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By Associated Press

DAVOS, Switzerland — Renault's board was meeting on Thursday to appoint new leadership, after Chairman and Chief Executive Carlos Ghosn resigned in the wake of a financial scandal that has rocked the French carmaker and its alliance with Japan's Nissan.

The French government, Renault's biggest shareholder, confirmed the board was being asked to name outgoing Michelin boss Jean-Dominique Senard as chairman and Ghosn's deputy Thierry Bollore as chief executive.

The widely expected appointments may begin to resolve a Renault-Nissan leadership crisis that erupted after Ghosn's Nov. 19 arrest in Japan and swift dismissal as Nissan chairman.

He has been detained for more than two months but denies accusations that he under-reported income and falsified financial reports.

They also mark a clear end to one of the auto industry's most feted careers, two decades after Ghosn was despatched by former Renault CEO Louis Schweitzer to rescue newly acquired Nissan from near-bankruptcy - a feat he pulled off in two years.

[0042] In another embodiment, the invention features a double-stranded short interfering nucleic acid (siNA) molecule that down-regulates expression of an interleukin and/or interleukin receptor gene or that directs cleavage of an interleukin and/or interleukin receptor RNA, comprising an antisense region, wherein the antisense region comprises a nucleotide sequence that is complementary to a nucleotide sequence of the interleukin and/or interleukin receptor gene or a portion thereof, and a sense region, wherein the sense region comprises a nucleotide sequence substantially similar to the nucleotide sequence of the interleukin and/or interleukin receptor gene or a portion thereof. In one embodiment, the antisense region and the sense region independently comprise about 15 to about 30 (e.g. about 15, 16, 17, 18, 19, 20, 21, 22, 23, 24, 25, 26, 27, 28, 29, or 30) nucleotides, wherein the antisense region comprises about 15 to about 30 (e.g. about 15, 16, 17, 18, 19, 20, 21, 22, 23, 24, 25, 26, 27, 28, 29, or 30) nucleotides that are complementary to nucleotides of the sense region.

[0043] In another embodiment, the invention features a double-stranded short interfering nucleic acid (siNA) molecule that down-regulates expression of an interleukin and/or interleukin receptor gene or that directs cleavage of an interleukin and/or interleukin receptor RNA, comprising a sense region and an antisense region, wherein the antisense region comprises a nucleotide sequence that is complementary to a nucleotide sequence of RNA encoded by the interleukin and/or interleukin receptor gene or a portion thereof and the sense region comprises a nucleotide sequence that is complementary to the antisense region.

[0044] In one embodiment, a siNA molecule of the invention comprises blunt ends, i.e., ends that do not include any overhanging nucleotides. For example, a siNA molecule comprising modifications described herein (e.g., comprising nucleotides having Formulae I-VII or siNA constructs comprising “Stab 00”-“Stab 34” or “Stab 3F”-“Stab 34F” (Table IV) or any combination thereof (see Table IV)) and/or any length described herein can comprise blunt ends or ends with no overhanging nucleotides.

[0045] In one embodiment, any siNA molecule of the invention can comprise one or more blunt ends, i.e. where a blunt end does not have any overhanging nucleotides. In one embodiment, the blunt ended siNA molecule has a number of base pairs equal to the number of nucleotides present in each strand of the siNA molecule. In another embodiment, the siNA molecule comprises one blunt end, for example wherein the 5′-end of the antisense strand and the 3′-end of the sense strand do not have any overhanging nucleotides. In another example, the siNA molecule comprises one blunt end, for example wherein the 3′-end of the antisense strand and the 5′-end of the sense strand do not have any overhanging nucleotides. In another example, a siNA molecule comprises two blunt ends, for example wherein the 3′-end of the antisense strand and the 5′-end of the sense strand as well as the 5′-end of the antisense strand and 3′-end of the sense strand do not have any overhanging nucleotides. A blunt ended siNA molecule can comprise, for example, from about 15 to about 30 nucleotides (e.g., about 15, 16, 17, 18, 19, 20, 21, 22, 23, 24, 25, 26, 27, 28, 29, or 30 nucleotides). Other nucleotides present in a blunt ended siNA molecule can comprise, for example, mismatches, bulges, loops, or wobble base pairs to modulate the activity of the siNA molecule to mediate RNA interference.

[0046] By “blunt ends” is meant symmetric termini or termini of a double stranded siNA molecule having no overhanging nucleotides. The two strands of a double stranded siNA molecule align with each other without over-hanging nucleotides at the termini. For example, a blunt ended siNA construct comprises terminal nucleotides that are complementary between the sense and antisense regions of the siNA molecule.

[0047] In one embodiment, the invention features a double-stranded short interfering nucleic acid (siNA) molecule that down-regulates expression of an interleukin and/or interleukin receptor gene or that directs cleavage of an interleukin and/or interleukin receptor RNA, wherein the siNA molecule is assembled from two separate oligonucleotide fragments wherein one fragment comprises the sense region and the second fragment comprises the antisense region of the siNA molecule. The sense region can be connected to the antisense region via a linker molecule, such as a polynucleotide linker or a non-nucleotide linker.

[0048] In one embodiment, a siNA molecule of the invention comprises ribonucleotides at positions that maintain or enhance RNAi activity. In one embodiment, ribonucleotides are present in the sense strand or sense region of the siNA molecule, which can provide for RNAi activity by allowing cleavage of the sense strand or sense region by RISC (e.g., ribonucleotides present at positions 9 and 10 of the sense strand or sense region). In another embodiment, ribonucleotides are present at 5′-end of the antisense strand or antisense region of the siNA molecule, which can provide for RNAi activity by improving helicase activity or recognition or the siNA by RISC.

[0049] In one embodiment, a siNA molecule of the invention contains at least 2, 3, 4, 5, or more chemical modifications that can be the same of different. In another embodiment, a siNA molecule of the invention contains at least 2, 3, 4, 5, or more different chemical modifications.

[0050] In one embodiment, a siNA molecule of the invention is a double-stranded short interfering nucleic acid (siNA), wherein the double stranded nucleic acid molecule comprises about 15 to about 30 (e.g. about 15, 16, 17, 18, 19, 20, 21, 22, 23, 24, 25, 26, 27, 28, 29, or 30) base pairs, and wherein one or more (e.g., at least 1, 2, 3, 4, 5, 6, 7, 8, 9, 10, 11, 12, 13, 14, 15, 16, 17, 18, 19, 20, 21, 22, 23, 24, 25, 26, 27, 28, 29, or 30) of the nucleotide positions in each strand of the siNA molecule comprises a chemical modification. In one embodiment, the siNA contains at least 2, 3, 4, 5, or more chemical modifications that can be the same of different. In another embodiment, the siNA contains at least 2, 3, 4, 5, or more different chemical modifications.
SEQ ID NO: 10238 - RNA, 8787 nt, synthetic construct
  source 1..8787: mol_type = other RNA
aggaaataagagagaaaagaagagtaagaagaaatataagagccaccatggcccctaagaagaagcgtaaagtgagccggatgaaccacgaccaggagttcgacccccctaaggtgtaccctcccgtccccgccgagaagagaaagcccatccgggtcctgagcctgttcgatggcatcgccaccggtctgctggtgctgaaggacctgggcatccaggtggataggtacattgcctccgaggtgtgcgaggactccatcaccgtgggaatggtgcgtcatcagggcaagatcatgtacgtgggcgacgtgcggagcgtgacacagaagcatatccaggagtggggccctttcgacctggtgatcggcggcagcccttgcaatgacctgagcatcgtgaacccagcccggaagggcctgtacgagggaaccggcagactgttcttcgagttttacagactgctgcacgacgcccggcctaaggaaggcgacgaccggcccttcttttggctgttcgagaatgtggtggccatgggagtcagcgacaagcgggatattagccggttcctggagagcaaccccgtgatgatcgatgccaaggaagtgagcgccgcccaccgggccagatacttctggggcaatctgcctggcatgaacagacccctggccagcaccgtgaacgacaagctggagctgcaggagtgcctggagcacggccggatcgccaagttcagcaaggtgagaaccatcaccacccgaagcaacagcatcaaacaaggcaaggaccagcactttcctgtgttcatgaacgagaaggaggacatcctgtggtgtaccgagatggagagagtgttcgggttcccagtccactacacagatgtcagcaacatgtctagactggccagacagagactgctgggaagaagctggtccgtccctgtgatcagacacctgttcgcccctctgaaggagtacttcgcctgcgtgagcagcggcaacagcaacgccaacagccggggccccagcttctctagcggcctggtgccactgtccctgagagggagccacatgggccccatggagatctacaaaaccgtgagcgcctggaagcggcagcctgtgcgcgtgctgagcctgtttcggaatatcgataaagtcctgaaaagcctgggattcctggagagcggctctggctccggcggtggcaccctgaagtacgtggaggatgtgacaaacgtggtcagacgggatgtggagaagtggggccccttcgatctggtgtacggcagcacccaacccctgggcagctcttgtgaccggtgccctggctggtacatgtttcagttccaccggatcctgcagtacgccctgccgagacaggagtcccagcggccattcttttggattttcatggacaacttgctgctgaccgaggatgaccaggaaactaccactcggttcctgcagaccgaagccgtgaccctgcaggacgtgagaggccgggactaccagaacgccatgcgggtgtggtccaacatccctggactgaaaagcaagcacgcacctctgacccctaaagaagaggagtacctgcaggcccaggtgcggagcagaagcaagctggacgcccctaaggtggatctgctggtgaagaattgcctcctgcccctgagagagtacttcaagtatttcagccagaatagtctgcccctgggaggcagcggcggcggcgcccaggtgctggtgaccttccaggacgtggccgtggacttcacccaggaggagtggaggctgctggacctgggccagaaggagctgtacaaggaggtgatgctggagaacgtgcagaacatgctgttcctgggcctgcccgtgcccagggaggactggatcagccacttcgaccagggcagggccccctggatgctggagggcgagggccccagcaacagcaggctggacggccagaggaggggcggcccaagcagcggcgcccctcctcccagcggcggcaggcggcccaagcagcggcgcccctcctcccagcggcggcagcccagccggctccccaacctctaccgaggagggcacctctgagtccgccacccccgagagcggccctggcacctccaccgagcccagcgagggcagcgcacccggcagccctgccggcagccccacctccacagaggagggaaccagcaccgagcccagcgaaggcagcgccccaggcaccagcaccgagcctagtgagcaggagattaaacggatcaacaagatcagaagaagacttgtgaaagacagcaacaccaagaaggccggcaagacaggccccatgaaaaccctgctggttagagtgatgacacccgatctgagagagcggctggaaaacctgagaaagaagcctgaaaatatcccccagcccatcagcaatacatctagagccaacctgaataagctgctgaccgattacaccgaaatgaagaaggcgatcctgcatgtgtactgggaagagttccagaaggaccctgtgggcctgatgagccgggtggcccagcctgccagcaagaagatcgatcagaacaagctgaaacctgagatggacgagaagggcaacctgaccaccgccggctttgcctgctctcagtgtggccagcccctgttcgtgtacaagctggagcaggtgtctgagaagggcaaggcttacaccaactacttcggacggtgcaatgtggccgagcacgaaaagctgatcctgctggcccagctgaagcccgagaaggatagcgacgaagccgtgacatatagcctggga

After 14 years as Renault CEO and a decade as chairman, Ghosn formally resigned from both roles on the eve of the board meeting, French Finance Minister Bruno Le Maire said.

Ghosn's arrest and indictment for financial misconduct has strained the Renault-Nissan relationship, threatening the future of the industrial partnership he transformed into a global carmaking giant over two decades.

For two months, the tensions deepened as Renault and the French government stuck by Ghosn despite the revelation he had arranged to be paid tens of millions of dollars in additional income, unbeknownst to shareholders.

Ghosn has been charged with failing to disclose more than $80 million in additional compensation for 2010-18 that he had agreed to be paid later. Nissan director Greg Kelly and the Japanese company itself have also been indicted.

Both men deny the deferred pay was illegal or required disclosure, while not contesting the agreements' existence. Ghosn has denied a separate breach of trust charge over personal investment losses he temporarily transferred to Nissan in 2008.

Ghosn finally agreed in recent days to step down from Renault, Reuters reported on Tuesday - but only after the French government called for leadership change and his bail requests were rejected by the Japanese courts.